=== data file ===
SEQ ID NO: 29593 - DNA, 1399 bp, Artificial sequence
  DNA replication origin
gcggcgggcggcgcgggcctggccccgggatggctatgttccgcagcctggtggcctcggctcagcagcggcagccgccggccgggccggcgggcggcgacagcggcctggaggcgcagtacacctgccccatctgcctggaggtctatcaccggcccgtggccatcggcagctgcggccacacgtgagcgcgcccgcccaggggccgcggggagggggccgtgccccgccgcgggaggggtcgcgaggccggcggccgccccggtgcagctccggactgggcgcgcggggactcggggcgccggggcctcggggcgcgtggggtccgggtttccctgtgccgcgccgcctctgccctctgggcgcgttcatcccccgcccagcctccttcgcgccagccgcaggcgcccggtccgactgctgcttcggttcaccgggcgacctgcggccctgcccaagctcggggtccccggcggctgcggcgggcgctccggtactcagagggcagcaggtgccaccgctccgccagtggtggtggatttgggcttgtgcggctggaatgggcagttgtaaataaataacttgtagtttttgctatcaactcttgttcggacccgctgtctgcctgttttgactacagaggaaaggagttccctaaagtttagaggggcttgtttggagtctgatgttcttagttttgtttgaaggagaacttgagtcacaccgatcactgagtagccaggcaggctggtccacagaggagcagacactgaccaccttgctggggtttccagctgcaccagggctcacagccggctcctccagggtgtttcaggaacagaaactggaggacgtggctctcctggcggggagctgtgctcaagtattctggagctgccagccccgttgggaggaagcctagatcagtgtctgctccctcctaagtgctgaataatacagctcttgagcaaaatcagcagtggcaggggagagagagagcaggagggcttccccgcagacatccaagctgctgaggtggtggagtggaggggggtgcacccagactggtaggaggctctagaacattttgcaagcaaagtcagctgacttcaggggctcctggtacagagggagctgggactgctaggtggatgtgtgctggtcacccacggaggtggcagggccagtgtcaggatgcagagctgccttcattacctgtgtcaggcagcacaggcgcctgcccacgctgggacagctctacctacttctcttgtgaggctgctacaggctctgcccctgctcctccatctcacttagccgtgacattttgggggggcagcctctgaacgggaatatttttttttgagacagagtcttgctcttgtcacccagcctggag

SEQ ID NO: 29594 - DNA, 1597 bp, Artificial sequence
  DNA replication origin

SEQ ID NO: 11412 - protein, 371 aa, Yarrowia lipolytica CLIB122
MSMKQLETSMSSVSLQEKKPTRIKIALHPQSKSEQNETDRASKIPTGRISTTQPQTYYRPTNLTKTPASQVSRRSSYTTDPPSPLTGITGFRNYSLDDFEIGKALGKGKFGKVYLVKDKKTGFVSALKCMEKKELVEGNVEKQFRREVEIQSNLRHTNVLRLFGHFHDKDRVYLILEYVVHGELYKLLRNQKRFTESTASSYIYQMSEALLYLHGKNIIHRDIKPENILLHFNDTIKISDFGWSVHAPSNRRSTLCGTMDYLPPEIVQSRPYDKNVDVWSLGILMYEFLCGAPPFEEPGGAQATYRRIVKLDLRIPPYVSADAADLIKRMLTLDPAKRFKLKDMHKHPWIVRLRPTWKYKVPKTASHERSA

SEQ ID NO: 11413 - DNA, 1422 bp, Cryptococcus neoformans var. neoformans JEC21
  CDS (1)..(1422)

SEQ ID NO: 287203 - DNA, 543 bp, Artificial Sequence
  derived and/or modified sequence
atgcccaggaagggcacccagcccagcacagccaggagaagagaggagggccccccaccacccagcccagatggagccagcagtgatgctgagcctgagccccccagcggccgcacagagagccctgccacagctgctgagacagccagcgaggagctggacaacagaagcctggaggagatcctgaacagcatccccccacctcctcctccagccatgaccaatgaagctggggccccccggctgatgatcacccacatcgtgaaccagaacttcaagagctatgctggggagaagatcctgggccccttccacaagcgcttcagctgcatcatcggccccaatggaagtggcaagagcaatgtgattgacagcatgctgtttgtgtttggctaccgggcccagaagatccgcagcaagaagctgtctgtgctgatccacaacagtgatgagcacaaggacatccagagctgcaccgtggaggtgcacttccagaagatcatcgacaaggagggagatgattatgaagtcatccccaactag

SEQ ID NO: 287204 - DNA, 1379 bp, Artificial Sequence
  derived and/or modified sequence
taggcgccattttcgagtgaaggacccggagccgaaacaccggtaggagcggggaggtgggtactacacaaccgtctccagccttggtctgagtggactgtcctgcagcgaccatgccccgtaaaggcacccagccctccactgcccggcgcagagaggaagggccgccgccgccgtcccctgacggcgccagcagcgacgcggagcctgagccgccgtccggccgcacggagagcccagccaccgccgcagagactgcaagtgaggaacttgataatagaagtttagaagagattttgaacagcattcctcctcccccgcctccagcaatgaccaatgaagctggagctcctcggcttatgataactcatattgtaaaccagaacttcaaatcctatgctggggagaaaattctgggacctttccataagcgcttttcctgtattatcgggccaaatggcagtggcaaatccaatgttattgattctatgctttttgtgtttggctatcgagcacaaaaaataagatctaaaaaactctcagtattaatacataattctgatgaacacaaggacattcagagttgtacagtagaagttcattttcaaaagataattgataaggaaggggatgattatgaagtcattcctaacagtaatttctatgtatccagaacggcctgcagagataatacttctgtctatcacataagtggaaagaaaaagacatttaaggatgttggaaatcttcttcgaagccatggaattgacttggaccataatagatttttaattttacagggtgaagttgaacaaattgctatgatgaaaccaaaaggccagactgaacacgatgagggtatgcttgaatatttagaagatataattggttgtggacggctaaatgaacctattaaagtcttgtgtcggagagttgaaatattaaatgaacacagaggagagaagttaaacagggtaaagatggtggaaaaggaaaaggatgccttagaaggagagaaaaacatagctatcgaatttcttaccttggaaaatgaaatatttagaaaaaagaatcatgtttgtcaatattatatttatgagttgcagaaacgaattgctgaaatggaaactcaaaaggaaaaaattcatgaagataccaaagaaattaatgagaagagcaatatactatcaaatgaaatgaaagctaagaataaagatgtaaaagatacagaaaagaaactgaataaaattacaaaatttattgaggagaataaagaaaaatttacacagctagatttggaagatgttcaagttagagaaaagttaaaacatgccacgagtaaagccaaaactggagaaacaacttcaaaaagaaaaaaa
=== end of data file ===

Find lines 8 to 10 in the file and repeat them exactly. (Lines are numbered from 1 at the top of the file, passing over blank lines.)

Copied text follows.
SEQ ID NO: 11413 - DNA, 1422 bp, Cryptococcus neoformans var. neoformans JEC21
  CDS (1)..(1422)

SEQ ID NO: 287203 - DNA, 543 bp, Artificial Sequence